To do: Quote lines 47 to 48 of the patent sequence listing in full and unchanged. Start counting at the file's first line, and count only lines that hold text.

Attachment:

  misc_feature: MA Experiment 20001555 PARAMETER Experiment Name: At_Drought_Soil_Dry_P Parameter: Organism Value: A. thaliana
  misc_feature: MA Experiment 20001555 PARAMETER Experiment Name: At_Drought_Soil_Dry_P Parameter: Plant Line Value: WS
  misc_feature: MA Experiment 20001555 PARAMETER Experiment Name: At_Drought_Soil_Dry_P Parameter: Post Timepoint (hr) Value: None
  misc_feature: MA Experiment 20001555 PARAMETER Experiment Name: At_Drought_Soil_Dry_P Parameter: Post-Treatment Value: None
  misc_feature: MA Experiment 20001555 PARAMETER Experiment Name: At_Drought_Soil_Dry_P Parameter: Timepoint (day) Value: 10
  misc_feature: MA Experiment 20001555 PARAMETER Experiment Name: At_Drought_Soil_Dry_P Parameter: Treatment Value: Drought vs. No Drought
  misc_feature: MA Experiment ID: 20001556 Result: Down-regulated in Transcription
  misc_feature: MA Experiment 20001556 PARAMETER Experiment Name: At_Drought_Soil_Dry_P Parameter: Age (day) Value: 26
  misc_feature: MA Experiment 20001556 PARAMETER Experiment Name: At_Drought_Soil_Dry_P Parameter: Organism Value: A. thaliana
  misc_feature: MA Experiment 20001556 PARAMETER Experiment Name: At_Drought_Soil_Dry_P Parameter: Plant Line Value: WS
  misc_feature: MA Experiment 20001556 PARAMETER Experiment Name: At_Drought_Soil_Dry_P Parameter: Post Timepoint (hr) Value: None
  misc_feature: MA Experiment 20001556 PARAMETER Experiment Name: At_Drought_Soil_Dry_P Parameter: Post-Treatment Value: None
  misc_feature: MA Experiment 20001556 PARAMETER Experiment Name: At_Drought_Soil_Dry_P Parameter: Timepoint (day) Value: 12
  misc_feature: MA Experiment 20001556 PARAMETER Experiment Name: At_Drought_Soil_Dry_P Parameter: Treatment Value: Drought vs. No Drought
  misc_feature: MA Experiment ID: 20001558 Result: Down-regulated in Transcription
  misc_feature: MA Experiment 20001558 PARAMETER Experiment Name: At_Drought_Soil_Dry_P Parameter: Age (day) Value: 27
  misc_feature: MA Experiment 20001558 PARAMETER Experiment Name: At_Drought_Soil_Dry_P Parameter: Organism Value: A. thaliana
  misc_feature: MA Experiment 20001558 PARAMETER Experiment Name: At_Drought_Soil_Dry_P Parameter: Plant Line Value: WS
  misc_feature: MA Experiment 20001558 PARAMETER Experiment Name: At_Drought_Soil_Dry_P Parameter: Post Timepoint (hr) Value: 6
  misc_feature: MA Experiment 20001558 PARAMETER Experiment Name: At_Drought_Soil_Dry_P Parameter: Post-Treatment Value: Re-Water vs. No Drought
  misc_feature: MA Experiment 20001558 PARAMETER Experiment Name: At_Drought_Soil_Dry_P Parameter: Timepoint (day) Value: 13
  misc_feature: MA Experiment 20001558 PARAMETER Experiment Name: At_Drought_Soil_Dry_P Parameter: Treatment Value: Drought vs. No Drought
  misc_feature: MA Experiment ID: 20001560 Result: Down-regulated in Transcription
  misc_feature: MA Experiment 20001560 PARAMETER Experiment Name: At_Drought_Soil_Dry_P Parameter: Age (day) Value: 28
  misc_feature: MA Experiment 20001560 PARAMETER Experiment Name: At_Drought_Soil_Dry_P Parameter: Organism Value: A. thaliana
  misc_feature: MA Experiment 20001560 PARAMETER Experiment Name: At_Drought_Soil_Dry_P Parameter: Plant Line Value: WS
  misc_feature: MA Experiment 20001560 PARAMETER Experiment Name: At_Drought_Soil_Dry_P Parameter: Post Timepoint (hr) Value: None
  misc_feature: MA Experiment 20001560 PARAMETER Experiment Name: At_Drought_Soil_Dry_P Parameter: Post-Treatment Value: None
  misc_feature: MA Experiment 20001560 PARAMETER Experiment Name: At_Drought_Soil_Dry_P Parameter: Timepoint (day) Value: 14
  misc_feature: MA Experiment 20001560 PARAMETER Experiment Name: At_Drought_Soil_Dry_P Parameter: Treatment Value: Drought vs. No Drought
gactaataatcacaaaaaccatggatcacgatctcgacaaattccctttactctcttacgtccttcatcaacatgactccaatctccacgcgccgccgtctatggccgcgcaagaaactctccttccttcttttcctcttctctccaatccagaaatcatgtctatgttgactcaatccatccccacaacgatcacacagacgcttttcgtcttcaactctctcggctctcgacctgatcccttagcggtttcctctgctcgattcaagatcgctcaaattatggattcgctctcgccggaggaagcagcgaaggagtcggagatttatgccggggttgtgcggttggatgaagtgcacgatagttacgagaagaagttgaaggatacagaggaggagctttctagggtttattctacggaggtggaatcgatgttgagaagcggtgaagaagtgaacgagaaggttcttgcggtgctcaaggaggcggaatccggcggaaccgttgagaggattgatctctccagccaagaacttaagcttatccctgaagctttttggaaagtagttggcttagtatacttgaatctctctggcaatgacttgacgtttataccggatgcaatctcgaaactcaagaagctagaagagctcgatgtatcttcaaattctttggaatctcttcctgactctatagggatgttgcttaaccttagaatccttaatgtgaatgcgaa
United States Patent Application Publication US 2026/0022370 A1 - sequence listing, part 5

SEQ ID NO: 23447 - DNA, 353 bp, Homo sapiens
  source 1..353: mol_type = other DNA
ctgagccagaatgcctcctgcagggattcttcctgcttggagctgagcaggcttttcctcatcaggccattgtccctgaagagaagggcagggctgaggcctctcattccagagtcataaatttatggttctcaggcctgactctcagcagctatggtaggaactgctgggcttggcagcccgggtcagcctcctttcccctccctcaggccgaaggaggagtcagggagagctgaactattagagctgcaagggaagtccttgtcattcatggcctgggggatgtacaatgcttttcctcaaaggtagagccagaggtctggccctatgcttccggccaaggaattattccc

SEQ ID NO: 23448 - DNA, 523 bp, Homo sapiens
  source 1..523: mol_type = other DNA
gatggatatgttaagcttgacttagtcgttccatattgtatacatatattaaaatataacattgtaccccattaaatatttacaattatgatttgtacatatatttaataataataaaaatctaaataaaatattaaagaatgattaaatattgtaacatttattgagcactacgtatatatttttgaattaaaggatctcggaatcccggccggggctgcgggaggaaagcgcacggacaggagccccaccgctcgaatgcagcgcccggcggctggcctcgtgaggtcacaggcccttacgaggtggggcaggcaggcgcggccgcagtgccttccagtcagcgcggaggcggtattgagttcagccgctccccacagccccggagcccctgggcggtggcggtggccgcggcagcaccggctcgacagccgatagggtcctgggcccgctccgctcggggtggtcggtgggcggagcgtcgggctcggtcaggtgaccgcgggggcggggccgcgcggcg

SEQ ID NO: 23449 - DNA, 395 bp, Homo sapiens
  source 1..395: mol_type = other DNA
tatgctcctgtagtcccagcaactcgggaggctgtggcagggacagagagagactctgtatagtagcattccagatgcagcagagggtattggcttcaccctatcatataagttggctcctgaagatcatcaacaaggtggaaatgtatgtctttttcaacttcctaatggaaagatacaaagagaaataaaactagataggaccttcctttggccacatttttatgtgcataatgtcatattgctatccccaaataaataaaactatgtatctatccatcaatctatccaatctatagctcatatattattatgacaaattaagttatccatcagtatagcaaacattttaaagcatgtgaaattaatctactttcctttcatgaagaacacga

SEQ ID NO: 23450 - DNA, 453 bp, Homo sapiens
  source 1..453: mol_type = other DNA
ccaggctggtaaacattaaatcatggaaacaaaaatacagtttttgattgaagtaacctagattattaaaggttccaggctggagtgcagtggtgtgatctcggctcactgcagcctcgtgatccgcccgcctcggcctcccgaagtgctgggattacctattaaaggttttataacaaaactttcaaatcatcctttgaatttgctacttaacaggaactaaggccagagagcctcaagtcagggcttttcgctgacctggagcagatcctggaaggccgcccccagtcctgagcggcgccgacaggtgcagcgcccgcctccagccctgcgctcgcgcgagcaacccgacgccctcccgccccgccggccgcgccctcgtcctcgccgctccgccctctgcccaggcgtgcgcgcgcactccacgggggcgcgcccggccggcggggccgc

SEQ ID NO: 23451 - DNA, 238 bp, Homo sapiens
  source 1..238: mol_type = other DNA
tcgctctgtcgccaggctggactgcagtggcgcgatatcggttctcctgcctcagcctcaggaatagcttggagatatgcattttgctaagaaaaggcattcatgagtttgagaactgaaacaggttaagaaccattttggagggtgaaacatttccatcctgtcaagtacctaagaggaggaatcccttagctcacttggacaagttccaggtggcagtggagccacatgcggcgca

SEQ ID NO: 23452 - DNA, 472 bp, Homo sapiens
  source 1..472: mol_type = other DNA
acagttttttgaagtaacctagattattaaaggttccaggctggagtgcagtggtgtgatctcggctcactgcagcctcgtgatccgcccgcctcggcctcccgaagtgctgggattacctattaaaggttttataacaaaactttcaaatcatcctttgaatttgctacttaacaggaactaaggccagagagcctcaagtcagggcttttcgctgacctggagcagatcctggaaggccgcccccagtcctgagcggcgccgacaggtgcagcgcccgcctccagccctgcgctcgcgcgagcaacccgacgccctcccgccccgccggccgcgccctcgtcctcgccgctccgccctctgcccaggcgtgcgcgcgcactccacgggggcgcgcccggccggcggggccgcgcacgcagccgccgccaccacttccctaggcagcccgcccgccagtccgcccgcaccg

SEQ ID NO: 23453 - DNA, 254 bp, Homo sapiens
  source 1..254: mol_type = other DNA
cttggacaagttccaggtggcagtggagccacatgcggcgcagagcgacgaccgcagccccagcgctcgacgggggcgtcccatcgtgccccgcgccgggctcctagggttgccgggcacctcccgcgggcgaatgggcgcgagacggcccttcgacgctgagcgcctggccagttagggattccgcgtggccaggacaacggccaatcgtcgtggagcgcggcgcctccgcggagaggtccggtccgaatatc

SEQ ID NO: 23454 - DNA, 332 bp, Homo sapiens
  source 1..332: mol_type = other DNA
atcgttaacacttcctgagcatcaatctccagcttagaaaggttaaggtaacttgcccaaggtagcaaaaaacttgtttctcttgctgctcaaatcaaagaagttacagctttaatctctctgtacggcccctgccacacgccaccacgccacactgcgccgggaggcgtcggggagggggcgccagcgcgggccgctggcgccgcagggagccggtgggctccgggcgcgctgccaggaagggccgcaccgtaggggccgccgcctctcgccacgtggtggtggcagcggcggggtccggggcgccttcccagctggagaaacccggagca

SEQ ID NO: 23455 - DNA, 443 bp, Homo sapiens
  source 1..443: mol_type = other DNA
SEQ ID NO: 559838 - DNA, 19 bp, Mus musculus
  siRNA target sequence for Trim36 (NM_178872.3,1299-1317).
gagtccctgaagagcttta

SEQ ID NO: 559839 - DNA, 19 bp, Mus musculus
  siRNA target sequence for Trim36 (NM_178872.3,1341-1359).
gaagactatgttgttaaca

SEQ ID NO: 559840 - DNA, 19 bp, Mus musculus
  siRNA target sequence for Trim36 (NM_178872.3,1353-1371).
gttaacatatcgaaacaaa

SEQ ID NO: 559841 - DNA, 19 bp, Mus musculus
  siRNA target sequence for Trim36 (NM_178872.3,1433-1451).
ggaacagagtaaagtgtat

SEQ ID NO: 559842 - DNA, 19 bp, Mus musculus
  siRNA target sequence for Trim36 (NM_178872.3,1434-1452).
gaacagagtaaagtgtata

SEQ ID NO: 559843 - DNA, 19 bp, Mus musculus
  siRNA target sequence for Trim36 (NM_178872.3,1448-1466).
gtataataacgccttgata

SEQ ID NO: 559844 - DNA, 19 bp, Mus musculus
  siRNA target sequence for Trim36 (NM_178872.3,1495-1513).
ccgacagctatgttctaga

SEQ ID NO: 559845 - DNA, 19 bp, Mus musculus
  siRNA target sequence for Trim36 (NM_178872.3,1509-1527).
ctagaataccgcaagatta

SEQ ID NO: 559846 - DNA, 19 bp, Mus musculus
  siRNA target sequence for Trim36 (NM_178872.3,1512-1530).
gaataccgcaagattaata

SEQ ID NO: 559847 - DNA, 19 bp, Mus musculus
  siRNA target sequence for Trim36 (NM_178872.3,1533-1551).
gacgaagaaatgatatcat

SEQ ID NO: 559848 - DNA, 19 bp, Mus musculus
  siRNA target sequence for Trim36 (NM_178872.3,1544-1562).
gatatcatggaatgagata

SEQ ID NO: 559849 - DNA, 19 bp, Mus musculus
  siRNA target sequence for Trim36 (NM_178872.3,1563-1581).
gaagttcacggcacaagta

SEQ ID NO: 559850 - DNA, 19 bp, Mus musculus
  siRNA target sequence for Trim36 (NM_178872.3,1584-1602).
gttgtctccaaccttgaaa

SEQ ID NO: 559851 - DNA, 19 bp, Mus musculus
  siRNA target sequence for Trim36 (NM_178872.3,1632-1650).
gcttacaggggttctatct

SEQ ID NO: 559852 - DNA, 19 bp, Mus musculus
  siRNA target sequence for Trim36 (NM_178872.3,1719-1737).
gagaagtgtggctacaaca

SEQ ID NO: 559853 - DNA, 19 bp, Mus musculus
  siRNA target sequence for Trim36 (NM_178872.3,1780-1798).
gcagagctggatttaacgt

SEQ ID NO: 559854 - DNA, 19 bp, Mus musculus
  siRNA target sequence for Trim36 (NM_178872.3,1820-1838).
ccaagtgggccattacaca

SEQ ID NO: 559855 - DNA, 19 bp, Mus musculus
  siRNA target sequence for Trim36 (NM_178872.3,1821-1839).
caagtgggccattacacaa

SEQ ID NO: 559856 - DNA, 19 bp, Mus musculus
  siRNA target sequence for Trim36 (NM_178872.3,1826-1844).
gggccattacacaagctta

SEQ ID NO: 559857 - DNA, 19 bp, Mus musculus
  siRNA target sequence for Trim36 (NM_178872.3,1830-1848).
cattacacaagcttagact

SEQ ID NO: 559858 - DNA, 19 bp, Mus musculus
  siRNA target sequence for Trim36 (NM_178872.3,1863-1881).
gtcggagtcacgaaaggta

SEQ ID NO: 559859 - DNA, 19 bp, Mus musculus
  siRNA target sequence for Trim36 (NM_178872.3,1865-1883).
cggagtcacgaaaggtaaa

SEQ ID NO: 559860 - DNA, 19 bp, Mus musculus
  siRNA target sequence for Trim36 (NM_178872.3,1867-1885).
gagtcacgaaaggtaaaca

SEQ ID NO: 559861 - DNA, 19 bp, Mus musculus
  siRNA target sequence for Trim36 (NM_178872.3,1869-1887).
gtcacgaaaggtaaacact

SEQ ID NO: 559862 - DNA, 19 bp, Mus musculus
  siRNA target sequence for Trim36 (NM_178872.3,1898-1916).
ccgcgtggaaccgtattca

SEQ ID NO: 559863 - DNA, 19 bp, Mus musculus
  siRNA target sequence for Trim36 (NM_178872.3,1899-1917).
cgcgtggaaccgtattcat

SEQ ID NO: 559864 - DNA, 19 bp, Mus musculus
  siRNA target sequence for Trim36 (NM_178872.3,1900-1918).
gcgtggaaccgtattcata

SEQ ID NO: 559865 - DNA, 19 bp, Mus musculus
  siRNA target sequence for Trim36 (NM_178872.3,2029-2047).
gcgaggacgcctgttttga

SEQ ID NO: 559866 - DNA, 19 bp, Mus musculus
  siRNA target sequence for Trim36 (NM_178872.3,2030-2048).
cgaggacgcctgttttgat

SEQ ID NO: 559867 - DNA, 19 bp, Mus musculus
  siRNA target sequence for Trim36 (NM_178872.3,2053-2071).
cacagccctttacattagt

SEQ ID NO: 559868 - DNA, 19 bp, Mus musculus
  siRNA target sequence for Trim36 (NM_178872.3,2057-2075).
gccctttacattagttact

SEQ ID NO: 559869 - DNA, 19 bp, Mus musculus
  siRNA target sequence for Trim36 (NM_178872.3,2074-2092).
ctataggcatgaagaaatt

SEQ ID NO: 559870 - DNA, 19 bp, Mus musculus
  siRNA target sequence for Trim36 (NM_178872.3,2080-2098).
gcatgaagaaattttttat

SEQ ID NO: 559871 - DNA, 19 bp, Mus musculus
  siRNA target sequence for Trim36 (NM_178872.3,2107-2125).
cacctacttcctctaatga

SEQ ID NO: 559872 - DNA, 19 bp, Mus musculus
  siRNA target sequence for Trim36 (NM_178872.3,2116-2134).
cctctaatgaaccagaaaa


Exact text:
tcgctctgtcgccaggctggactgcagtggcgcgatatcggttctcctgcctcagcctcaggaatagcttggagatatgcattttgctaagaaaaggcattcatgagtttgagaactgaaacaggttaagaaccattttggagggtgaaacatttccatcctgtcaagtacctaagaggaggaatcccttagctcacttggacaagttccaggtggcagtggagccacatgcggcgca

SEQ ID NO: 23452 - DNA, 472 bp, Homo sapiens